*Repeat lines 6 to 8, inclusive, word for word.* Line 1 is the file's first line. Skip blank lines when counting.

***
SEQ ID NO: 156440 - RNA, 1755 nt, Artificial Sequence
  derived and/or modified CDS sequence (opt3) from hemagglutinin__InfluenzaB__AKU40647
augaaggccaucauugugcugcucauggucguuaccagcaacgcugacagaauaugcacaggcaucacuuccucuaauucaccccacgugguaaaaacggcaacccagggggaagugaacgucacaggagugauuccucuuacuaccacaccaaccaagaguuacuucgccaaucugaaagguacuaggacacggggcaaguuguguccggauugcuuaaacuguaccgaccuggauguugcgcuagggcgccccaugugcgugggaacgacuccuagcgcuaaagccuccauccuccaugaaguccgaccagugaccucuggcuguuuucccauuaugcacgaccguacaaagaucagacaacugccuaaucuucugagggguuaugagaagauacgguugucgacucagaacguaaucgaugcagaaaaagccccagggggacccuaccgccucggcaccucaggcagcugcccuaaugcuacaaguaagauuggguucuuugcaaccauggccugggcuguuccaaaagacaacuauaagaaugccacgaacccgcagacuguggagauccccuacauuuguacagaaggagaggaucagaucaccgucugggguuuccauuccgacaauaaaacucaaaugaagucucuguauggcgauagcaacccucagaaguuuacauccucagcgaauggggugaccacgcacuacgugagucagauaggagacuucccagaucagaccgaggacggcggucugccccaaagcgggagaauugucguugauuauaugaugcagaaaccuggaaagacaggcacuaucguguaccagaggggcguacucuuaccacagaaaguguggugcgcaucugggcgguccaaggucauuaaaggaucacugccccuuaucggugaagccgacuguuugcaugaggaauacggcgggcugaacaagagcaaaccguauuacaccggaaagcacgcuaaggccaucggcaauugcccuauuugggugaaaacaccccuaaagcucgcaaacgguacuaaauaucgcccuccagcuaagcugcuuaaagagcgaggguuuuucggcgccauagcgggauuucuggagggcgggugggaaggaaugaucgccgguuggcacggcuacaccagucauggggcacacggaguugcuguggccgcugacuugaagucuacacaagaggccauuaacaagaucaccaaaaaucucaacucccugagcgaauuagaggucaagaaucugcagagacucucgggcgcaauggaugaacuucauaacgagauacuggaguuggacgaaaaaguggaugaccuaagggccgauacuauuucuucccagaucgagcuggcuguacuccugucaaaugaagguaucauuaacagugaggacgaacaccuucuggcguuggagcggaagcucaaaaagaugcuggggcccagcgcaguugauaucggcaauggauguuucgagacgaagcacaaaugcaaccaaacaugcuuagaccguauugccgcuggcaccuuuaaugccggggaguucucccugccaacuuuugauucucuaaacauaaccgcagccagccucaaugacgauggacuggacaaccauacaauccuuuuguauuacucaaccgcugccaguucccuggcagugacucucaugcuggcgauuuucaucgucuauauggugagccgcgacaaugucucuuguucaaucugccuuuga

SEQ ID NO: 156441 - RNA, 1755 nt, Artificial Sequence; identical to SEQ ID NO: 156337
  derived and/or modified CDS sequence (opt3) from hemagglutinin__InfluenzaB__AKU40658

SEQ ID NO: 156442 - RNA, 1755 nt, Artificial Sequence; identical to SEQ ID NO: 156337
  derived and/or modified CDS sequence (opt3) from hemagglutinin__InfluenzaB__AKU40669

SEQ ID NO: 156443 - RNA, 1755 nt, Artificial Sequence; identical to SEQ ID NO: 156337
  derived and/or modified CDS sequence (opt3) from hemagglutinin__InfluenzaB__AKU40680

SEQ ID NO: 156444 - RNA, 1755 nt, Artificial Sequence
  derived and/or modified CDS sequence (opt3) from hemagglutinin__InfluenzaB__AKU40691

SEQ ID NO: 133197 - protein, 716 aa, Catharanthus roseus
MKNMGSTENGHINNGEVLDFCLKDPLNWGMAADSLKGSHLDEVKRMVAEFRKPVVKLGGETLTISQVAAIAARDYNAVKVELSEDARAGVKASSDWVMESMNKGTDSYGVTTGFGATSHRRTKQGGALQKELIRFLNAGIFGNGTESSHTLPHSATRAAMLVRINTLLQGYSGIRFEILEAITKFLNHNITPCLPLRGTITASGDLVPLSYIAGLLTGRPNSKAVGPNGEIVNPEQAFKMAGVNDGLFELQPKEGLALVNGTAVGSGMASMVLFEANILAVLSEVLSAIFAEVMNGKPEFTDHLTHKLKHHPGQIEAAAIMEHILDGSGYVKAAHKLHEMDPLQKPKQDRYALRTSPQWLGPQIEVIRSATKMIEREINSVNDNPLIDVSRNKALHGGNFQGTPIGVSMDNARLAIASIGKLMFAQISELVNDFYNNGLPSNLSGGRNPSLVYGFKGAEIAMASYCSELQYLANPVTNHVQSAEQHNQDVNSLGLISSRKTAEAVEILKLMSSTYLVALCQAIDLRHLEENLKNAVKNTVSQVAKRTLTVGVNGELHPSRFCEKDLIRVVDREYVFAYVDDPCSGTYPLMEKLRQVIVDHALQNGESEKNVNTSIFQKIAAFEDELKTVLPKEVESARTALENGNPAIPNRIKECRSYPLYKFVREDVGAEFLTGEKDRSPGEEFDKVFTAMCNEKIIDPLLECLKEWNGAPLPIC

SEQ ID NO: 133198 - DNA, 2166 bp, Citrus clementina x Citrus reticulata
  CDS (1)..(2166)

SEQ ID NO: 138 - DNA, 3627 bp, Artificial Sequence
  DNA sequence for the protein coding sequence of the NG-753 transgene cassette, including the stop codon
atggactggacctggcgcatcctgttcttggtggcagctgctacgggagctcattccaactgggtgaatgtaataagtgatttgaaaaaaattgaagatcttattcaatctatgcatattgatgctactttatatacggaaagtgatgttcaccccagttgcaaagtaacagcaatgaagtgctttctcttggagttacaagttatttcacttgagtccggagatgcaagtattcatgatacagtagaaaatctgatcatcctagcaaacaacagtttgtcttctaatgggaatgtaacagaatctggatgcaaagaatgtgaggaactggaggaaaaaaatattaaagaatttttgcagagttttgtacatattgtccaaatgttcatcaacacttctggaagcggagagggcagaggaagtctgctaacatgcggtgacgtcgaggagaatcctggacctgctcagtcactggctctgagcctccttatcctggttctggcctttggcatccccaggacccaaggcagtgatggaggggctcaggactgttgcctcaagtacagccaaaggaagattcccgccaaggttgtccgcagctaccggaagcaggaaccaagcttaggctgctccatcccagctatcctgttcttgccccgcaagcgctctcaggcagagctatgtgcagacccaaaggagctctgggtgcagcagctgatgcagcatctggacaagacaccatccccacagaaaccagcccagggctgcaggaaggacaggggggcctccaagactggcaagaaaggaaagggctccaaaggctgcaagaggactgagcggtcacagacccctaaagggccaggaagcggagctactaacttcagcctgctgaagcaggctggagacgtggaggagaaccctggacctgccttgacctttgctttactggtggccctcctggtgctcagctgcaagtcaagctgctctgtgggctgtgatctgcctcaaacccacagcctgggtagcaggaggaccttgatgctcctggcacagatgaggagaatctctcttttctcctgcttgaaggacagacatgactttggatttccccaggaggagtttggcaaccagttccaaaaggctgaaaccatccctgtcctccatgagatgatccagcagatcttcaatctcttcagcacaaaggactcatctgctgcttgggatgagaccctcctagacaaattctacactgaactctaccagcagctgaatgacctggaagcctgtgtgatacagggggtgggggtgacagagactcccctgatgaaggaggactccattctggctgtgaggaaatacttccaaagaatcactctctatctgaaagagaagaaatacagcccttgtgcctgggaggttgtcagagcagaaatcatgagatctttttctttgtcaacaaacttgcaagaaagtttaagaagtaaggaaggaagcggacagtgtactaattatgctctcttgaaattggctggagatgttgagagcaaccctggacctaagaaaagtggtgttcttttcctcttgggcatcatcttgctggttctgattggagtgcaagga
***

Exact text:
SEQ ID NO: 156442 - RNA, 1755 nt, Artificial Sequence; identical to SEQ ID NO: 156337
  derived and/or modified CDS sequence (opt3) from hemagglutinin__InfluenzaB__AKU40669

SEQ ID NO: 156443 - RNA, 1755 nt, Artificial Sequence; identical to SEQ ID NO: 156337